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Prisoners' Justice Day

Cheryl Browne

By Cheryl Browne, Barrie Examiner

Lee Chapelle, a former inmate who served over 20 years in the federal corrections system, was the guest speaker during Thursday's annual Prisoners' Justice Day event held at the City Hall Rotunda. Mark Wanzel/Barrie Examiner/Postmedia Network

Lee Chapelle, a former inmate who served over 20 years in the federal corrections system, was the guest speaker during Thursday's annual Prisoners' Justice Day event held at the City Hall Rotunda. Mark Wanzel/Barrie Examiner/Postmedia Network

Keith Kacsuta didn’t pull his punches when he spoke about Canada’s prison system.

Kacsuta stood at the podium in Barrie’s City Hall Rotunda, not only as the executive director of the John Howard Society of Simcoe and Muskoka, but as a clarion call for action against maltreatment of prisoners.

“This is an urgent, life-and-death, human-rights issue,” Kacsuta told the assembled 80 members of the audience during Prisoners’ Justice Day on Thursday.

“There needs to be action now, we can’t wait another 43 years,” he said.

“Today’s the day to raise public awareness to change the criminal justice system and the brutal and inhumane conditions that led to so many prison deaths.”

The 43 years Kacsuta was referring to is the last time significant changes to prisoners’ rights were addressed by the Canadian justice system.

On Aug. 10, 1974, Edward Nalon slashed his inner elbow with a razor, severing his arteries, after spending 51 days in solitary confinement at the Millhaven Maximum Security Prison in Bath, Ontario.

Although the order to release him was given on July 31, for unknown reasons, Nalon was kept in a segregated cell and committed suicide in desperation.

Kacsuta spoke about using the anniversary of Nalon’s death to renew calls to respect basic human rights of prisoners housed in jails across Canada.

“The Ontario Human Rights Commission continues to be concerned that segregation, also referred to as solitary confinement, is being used in a way that violates prisoners’ rights under Ontario’s Human Rights Code,” he said.

“Segregation is disproportionately used on - and has especially harmful effects for - Indigenous prisoners, prisoners with mental- health disabilities and women.”

Kacsuta said solitary confinement violates four constitutional and human rights, and added that isolating prisoners for 23 hours a day without meaningful human contact has led to preventable death and suffering.

“It has been applied most often against mentally ill and Indigenous prisoners, and as the United Nations has found long-term solitary confinement is torture,” he added.

After Kacsuta spoke, former inmate turned prison-reform advocate Lee Chapelle spoke to the Barrie audience.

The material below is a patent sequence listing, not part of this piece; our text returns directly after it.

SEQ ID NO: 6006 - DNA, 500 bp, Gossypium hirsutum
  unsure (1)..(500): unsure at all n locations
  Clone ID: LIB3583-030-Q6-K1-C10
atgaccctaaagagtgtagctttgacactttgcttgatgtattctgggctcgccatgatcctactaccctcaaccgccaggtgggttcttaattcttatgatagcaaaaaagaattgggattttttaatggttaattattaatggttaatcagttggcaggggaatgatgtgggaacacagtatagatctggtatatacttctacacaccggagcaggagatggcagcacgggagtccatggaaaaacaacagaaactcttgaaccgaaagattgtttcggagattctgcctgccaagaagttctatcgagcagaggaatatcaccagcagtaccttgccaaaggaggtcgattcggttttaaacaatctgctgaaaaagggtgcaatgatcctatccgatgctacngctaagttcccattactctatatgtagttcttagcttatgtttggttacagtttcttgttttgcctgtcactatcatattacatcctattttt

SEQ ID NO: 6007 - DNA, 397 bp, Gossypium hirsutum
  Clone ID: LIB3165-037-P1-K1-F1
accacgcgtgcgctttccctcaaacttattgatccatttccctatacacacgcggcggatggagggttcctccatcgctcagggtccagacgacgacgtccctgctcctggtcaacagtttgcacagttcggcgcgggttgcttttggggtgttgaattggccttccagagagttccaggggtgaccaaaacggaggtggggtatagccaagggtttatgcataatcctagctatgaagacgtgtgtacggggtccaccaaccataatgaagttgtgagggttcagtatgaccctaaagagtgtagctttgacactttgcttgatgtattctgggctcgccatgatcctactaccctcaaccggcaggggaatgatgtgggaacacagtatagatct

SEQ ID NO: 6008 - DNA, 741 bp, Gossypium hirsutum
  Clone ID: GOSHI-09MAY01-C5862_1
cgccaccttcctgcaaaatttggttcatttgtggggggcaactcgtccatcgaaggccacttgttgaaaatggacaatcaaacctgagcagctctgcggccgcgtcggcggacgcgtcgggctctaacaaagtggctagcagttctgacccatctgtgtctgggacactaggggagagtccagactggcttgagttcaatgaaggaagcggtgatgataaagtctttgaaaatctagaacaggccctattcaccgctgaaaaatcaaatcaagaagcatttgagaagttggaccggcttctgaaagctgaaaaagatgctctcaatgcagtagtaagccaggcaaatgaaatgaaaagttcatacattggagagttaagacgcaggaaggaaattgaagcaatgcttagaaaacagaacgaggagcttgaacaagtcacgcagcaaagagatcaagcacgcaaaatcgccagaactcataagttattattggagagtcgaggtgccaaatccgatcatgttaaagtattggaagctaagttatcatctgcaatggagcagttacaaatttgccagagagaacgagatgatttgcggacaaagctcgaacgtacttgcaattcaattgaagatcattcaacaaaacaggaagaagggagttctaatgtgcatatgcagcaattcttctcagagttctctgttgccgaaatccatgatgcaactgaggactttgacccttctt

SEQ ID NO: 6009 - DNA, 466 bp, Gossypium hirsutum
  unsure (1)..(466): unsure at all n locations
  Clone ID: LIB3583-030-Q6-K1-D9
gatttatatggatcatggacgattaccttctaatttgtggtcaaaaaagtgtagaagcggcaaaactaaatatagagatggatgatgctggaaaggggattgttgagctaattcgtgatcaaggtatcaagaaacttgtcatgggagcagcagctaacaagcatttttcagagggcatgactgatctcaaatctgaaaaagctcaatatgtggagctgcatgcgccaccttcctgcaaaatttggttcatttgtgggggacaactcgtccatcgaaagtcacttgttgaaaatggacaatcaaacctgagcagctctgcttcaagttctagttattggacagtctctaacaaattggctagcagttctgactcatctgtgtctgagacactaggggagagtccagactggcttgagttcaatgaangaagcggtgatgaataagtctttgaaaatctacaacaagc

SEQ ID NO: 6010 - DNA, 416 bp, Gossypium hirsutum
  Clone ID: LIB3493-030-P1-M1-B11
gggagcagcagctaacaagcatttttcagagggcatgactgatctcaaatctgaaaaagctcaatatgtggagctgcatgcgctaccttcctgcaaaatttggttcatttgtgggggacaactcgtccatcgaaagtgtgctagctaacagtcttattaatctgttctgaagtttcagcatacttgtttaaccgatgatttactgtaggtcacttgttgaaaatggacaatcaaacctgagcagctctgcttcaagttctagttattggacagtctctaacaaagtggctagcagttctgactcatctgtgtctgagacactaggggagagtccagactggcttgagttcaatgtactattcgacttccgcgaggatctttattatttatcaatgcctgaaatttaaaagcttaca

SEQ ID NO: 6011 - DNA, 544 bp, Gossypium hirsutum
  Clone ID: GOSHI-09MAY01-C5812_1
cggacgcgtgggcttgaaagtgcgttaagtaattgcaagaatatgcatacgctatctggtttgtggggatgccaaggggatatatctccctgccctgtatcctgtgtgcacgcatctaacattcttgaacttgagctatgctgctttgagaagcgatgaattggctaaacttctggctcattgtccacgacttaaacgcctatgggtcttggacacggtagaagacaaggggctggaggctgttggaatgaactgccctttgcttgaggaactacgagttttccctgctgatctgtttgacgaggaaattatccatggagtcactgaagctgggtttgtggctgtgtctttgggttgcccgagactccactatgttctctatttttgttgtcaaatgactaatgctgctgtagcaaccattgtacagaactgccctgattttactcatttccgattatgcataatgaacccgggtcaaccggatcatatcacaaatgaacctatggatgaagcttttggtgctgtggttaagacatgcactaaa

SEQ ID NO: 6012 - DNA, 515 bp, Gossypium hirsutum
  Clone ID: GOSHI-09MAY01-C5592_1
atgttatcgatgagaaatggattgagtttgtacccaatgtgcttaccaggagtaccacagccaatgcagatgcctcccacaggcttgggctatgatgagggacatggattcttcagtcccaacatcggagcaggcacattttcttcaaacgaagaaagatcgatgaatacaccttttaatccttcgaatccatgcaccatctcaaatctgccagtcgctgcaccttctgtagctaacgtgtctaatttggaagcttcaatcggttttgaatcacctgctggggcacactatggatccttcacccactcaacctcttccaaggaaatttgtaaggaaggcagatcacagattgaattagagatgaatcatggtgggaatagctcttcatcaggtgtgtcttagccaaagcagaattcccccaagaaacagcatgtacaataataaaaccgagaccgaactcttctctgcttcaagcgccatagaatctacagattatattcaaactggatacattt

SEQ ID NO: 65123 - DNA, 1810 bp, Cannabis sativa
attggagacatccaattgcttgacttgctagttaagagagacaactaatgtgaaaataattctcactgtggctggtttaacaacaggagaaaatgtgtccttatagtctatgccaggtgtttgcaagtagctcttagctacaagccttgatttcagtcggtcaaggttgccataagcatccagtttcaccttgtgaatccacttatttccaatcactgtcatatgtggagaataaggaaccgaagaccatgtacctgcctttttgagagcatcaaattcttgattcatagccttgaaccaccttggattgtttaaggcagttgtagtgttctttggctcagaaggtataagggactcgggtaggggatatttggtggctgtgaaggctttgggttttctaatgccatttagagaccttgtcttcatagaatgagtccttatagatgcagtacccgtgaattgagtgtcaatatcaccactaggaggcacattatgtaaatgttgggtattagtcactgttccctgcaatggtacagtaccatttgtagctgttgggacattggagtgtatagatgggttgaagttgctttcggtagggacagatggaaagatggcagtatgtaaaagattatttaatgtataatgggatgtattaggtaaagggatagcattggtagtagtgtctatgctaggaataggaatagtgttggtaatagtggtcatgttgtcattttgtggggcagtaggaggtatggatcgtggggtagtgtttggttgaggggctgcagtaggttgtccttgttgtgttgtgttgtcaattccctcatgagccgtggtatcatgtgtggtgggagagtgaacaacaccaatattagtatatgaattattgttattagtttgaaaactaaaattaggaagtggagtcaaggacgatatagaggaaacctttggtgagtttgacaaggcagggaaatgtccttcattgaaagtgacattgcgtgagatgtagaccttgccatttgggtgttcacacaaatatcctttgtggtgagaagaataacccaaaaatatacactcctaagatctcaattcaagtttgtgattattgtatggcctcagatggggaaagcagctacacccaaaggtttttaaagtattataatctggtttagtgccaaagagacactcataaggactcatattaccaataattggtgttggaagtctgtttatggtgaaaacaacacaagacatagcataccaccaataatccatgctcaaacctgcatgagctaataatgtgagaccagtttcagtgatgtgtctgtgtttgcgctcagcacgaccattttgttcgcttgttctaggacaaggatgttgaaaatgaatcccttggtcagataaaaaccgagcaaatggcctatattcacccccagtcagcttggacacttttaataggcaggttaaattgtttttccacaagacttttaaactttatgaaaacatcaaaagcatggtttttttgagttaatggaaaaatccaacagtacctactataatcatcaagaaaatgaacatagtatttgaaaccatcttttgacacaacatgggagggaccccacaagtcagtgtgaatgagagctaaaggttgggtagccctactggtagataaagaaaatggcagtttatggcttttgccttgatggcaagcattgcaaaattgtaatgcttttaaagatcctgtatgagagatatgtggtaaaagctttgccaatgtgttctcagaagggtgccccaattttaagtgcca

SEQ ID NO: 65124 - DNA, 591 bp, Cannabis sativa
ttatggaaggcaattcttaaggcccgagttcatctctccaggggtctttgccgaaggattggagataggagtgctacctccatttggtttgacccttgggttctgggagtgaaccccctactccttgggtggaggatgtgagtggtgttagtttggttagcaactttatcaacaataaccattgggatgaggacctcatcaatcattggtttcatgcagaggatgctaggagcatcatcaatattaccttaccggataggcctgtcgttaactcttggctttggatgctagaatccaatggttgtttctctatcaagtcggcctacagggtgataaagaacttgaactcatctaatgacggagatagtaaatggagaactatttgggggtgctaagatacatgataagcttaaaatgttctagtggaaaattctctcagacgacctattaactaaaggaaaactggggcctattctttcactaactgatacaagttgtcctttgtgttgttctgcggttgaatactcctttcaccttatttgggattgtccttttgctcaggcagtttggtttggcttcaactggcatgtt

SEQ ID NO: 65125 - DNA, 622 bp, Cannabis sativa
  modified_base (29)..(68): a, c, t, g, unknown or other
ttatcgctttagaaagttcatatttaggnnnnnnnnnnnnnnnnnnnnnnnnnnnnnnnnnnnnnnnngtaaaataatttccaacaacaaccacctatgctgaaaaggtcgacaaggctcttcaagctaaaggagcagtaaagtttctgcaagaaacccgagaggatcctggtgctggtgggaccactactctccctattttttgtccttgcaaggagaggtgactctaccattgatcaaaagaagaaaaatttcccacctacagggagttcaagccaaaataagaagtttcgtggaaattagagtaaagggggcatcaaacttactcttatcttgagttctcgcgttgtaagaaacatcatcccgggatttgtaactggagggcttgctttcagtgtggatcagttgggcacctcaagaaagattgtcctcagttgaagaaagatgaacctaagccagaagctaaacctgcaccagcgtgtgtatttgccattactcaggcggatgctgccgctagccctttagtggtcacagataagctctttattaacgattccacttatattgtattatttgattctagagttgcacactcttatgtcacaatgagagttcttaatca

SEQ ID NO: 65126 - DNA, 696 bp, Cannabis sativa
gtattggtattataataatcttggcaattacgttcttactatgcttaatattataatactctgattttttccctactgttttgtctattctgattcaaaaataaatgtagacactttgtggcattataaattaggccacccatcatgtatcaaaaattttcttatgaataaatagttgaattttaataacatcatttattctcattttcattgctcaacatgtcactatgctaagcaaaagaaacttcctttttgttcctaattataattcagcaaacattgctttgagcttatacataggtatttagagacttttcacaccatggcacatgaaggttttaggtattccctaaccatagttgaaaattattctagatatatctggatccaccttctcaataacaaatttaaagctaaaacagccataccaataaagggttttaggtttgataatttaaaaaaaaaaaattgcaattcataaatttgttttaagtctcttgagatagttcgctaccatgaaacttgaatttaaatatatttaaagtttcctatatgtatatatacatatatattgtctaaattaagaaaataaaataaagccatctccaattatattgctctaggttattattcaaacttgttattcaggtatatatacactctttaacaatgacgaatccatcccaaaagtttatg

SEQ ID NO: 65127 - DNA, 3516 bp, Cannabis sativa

Chapelle said he grew up as a foster child, turned to crime during his teen years and entered prison in 1986.

In 2001, he began to turn his life around and when he was released in 2010, he founded the Canadian Prison Consulting organization and has written a book Hard Times in Canada: One Man’s Journey Inside and Out.

He has addressed the Canadian Senate as an expert on prison violence and mental health in prisons and spoke about the effects of long-term segregation.

Chapelle gave the Barrie audience a brief history on Canada’s penitentiaries, noting the now-closed Kingston penitentiary opened in 1835 to house criminals, vagrants, beggars, prostitutes, disobedient children, servants and (for) the segregation of people with mental-health issues and the poor.

“And sadly, when I think about it, today it seems we really haven’t come all that far,” Chapelle said.

He said there are currently 150 provincial and 70 federal prisons.

“The construction and operation of prisons is one of the largest growth industries in Canada,” Chapelle said, adding there are plans to build more.

Elizabeth Fry Society executive director Joy Thompson threw her voice behind the Prisoners’ Justice Day as a call to action against the poor treatment of women and Indigenous people.

“There’s been 112% increase of Indigenous women in prison over the last 10 years,” Thompson said. “That’s an astonishing number of Indigenous women.”

Thompson had a list of statistics and figures covering incarcerated women that shows 68% report they’ve been sexually abused and 86% have been physically abused.

More than 70% of women in maximum security are the sole financial supporters in their family, and as many have attempted suicide, she said.

“The purpose of the event is to galvanize the community to act because it’s everyone’s responsibility,” Thompson said. “How these prisoners are treated impacts communities.”

The average prisoner is in jail for four years, she said, adding it costs the Canadian taxpayer $213,000 per year to house a female prisoner, but only $33,000 to monitor someone in the community who is on parole or living in a half-way house.

“If people weren’t supported (in prison) for successful reintegration into society, that’s going to impact what they do in the future when they get out,” she said.

Thompson, Kacsuta and Chapelle all spoke about Bill C56 aimed at reducing the maximum allowable time spent in solitary confinement from 30 days down to 21 days unless otherwise directly ordered by the head of the prison.

Perhaps that would have drawn attention to a 23-year-old Indigenous man, Adam Capay, who spent 1,500 days in solitary confinement, Thompson said.

“The public outcry that Capay spent four years in pre-trial custody in solitary confinement should send shockwaves through all decent people,” she said.

“No person with mental-health issues should ever be in solitary confinement.”

 

CBrowne@postmedia.com

Twitter.com/cherylbrowne1

 

 



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